Community members came together to celebrate African heritage on the first night of Kwanzaa.
They gathered at the Douglass Theatre for Unity Day.
It included a Kwanzaa ceremony and community awards.
The celebration also included a drummers' circle, poetry and stories, and dance.
Co-organizer George Muhammad says Kwanzaa's not a religious holiday, but it's still about bringing people together. "It recognizes the spirituality that binds all people," he says, "so you expound, or you extend out from the individual and the family into the community with unity, working together. And then, in terms of the nation, working together."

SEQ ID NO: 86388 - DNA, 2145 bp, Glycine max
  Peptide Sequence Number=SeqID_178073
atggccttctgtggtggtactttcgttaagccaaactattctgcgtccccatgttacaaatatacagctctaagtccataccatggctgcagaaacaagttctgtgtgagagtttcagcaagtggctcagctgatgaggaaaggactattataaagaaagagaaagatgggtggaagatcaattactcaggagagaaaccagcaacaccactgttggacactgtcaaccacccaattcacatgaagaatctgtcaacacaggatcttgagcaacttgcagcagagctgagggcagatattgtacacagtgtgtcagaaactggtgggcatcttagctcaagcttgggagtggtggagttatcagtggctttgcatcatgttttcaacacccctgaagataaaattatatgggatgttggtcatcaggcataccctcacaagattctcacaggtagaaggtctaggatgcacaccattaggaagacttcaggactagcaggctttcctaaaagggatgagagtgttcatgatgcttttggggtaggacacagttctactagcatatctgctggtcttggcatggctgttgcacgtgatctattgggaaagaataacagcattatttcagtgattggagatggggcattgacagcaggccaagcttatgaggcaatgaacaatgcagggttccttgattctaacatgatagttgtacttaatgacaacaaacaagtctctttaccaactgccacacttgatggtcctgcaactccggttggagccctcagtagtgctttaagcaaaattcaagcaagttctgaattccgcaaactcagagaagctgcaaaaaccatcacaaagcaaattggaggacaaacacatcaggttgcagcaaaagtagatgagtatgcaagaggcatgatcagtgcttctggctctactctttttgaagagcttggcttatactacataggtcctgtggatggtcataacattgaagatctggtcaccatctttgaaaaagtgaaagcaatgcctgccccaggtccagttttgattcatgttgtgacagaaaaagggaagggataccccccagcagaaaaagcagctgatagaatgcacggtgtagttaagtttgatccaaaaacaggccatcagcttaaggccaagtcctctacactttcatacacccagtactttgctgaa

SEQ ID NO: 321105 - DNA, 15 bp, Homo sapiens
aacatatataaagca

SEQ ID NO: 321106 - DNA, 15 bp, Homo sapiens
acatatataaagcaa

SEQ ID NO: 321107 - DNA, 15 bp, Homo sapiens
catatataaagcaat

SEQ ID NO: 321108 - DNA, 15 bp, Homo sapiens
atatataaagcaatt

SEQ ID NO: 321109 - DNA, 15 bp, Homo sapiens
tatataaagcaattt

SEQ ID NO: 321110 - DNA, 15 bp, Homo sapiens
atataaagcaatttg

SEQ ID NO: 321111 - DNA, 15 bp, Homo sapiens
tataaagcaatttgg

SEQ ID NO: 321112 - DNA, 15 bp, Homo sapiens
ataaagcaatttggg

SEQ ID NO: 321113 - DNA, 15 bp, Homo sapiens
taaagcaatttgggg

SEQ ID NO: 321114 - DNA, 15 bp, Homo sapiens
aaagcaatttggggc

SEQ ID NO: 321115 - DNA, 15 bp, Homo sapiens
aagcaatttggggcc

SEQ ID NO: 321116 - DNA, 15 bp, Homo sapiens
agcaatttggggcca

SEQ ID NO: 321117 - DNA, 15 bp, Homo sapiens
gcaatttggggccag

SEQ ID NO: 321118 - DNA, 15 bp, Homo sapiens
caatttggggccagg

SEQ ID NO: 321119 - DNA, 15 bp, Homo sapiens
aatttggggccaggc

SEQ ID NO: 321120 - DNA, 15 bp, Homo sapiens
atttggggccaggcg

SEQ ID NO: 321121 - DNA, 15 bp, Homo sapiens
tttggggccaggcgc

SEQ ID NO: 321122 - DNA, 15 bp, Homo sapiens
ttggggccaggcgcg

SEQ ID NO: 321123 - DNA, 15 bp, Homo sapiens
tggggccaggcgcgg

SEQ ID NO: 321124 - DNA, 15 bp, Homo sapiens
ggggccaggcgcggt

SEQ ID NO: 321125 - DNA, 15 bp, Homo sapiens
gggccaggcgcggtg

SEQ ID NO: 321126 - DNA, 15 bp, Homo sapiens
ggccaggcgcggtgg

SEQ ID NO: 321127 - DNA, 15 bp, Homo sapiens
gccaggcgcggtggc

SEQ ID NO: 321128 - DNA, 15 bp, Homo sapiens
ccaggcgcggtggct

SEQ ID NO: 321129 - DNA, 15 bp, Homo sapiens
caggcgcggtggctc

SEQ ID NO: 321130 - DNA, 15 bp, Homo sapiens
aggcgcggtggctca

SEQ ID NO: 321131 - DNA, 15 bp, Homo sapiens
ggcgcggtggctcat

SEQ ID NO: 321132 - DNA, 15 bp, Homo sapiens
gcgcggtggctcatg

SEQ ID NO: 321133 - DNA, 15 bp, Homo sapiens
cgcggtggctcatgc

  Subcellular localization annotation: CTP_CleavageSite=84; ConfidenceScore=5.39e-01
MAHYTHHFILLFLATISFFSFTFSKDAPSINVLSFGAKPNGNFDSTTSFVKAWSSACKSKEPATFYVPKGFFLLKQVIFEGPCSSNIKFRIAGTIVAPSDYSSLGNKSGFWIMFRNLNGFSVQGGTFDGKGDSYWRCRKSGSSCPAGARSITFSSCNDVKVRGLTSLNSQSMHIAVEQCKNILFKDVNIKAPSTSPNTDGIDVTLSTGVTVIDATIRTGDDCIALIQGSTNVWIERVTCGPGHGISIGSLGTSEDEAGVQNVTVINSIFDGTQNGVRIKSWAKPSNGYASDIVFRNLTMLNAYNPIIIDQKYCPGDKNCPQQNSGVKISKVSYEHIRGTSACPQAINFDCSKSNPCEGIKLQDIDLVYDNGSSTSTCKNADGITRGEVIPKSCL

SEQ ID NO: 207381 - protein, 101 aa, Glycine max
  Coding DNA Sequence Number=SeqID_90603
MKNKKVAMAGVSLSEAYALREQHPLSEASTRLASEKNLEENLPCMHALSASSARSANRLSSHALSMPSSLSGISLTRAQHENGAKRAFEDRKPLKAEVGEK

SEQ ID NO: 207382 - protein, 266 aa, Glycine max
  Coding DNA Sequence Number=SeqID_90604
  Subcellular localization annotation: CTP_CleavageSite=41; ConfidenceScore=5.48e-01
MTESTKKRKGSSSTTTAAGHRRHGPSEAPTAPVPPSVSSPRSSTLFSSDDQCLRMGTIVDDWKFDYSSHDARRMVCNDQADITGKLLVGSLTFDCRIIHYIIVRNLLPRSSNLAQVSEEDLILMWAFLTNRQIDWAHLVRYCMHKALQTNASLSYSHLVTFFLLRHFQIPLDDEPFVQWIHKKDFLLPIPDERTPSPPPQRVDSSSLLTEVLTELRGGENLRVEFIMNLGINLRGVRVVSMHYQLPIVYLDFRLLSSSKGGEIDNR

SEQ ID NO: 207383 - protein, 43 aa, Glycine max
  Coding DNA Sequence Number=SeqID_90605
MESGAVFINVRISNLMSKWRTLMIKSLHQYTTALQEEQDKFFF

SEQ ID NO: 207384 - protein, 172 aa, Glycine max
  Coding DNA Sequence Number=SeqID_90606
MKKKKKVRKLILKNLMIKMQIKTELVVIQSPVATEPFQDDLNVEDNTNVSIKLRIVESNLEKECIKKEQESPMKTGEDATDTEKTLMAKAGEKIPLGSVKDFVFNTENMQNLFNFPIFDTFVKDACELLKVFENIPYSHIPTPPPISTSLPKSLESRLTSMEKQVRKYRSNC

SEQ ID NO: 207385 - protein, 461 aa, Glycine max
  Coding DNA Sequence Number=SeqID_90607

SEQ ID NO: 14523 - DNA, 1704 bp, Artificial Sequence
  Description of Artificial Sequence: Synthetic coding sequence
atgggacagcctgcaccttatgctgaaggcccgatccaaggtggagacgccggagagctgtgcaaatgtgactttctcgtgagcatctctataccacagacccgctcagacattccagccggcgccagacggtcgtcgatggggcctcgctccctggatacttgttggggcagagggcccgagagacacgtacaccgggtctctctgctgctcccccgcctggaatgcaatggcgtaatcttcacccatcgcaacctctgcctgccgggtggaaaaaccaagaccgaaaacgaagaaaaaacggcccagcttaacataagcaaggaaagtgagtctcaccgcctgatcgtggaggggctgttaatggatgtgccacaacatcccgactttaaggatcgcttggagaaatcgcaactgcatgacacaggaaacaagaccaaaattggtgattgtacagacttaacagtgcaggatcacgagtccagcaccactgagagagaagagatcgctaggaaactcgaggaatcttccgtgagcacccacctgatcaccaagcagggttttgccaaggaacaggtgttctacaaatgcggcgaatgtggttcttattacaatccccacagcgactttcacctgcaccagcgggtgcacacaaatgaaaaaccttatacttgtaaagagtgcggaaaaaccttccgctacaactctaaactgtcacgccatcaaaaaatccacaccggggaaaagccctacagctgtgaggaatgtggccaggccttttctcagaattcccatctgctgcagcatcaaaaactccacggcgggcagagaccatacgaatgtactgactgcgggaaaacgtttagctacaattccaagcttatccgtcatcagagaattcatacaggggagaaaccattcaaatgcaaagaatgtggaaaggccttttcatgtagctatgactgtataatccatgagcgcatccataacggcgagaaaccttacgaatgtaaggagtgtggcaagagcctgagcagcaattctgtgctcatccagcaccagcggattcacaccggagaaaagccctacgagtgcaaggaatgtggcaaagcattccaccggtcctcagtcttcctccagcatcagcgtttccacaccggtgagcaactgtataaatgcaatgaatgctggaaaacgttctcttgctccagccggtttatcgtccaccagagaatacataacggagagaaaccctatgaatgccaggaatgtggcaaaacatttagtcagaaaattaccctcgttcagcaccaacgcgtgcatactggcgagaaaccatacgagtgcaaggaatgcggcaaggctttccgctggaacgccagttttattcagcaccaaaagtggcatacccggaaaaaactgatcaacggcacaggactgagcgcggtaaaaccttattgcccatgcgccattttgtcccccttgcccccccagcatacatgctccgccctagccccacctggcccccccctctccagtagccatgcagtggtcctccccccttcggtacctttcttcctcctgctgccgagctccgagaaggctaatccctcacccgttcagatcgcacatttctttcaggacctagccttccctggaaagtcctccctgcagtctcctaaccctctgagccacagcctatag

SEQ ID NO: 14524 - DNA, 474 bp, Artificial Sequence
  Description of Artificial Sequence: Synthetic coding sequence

Tuesday, you can join the celebration at Youth Self-Determination Night.
That starts at 6 p.m., also at the Douglass Theatre.
Kwanzaa continues through Sunday.